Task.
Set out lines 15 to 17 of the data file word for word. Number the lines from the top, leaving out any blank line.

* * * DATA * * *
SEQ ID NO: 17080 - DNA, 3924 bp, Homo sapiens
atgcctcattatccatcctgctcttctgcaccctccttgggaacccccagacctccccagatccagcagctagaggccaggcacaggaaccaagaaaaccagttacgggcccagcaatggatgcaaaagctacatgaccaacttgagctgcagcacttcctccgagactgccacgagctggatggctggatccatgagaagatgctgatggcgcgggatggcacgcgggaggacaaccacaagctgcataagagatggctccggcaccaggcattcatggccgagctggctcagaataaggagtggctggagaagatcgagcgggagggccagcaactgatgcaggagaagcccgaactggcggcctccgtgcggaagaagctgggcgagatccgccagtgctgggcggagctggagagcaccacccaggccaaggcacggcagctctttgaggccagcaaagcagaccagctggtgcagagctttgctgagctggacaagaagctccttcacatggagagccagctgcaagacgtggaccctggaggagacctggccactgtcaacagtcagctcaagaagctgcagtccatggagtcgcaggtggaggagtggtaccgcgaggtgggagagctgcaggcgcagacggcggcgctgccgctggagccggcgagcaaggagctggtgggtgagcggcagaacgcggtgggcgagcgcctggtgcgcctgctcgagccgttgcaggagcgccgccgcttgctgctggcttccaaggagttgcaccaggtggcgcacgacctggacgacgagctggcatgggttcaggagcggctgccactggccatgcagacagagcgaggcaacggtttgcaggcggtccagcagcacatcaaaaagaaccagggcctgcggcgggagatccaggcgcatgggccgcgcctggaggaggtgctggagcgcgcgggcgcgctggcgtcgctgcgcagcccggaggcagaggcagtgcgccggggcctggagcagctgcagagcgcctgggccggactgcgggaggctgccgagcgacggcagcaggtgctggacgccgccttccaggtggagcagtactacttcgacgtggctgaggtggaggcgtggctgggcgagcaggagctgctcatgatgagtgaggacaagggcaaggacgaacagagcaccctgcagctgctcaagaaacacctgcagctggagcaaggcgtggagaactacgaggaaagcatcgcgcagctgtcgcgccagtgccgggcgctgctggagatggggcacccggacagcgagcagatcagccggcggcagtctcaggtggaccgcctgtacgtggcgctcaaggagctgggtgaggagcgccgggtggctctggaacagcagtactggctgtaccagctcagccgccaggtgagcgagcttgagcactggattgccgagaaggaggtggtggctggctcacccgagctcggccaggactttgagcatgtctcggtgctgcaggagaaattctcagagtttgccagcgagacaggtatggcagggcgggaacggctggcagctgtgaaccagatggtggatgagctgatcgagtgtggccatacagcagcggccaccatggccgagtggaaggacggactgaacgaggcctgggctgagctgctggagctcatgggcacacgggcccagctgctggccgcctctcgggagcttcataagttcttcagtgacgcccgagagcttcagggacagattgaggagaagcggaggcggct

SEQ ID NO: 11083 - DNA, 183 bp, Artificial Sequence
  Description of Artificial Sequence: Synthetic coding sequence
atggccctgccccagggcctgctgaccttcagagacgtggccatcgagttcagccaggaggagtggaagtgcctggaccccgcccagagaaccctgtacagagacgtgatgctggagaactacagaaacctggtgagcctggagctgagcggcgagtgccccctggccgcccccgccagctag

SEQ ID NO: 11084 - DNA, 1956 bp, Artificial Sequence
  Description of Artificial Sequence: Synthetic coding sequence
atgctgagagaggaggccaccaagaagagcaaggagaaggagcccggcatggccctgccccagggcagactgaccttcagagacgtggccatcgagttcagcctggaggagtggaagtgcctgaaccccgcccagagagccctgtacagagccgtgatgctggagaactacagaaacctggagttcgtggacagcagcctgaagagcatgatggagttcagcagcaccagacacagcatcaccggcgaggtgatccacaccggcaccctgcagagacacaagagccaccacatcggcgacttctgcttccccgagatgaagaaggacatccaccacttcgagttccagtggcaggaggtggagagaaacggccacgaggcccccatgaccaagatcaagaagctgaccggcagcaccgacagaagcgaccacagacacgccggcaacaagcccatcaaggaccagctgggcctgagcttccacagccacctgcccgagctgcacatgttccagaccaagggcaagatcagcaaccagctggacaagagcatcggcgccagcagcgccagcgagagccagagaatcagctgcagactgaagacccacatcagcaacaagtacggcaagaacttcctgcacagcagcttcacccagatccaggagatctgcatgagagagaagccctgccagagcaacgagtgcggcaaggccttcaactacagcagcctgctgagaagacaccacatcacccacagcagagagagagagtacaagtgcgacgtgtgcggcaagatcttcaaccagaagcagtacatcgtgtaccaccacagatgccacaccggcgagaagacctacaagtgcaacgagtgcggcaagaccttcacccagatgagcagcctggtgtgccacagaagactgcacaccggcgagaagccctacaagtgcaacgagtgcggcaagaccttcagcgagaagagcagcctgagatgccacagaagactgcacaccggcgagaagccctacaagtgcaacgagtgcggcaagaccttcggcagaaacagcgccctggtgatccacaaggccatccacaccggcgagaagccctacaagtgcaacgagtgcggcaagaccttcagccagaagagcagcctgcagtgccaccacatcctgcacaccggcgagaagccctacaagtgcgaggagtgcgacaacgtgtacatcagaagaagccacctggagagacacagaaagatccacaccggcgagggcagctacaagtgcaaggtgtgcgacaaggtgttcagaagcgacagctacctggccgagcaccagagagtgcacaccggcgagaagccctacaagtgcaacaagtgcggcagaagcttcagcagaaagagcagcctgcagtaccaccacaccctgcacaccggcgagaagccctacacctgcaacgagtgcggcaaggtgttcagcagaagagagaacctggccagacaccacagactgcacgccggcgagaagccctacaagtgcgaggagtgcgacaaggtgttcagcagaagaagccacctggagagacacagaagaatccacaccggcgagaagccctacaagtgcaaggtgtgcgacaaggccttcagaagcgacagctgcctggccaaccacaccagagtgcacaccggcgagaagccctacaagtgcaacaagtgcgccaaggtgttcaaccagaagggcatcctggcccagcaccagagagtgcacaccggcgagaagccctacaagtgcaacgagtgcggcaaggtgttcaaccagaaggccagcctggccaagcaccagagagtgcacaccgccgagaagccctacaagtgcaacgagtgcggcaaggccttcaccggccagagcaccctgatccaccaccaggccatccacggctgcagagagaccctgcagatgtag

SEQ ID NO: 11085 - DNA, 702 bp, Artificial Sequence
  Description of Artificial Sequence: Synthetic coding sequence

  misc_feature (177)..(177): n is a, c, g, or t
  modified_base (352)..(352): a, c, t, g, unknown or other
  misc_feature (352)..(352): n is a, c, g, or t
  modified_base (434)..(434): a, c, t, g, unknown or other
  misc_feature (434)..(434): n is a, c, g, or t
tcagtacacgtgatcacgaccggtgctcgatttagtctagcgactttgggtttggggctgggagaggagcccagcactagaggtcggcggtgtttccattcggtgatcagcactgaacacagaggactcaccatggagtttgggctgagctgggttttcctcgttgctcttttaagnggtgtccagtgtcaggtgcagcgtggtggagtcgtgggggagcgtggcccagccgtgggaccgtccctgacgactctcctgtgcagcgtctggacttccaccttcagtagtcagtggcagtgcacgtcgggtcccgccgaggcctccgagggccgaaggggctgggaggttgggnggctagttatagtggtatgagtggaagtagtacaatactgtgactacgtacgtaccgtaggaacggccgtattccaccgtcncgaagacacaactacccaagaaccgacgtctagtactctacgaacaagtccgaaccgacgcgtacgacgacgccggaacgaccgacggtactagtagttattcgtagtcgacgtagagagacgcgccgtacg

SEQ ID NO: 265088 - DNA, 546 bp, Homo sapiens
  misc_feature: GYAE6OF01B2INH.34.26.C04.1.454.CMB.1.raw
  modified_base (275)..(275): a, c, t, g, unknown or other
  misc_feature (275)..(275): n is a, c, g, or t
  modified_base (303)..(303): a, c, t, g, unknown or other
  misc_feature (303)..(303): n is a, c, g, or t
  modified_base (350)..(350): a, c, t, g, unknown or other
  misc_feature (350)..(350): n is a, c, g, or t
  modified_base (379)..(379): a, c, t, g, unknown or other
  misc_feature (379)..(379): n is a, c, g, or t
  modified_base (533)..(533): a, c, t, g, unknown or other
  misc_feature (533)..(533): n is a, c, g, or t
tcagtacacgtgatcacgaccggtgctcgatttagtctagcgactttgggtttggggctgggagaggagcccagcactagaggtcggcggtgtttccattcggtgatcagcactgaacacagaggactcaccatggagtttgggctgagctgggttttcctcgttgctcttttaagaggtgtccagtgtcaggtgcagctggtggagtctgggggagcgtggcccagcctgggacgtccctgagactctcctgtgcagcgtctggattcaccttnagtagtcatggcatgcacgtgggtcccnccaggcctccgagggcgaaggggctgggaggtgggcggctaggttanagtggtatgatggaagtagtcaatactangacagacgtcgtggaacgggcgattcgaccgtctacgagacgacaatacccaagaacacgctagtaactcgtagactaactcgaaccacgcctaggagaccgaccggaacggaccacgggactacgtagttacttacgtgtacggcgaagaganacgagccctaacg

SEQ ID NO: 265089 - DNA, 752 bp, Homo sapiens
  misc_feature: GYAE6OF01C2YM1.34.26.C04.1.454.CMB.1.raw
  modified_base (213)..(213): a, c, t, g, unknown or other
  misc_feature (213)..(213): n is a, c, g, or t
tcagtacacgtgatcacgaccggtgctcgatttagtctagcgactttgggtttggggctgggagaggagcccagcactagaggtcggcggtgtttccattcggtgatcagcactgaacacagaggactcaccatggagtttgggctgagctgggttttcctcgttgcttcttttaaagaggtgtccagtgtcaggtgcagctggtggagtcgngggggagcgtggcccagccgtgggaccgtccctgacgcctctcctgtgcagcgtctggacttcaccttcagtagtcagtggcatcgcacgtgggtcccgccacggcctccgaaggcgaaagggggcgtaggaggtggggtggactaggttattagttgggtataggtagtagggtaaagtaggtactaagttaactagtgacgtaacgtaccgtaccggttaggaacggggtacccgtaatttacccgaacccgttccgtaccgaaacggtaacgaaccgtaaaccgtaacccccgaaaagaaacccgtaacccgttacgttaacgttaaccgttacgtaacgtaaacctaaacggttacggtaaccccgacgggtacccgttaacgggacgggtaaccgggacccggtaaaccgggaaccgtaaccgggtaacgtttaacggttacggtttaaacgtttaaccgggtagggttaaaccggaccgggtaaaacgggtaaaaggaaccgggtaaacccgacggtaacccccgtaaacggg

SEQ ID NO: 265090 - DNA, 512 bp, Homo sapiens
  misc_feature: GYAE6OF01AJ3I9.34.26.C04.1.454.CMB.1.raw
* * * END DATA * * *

  misc_feature (434)..(434): n is a, c, g, or t
tcagtacacgtgatcacgaccggtgctcgatttagtctagcgactttgggtttggggctgggagaggagcccagcactagaggtcggcggtgtttccattcggtgatcagcactgaacacagaggactcaccatggagtttgggctgagctgggttttcctcgttgctcttttaagnggtgtccagtgtcaggtgcagcgtggtggagtcgtgggggagcgtggcccagccgtgggaccgtccctgacgactctcctgtgcagcgtctggacttccaccttcagtagtcagtggcagtgcacgtcgggtcccgccgaggcctccgagggccgaaggggctgggaggttgggnggctagttatagtggtatgagtggaagtagtacaatactgtgactacgtacgtaccgtaggaacggccgtattccaccgtcncgaagacacaactacccaagaaccgacgtctagtactctacgaacaagtccgaaccgacgcgtacgacgacgccggaacgaccgacggtactagtagttattcgtagtcgacgtagagagacgcgccgtacg

SEQ ID NO: 265088 - DNA, 546 bp, Homo sapiens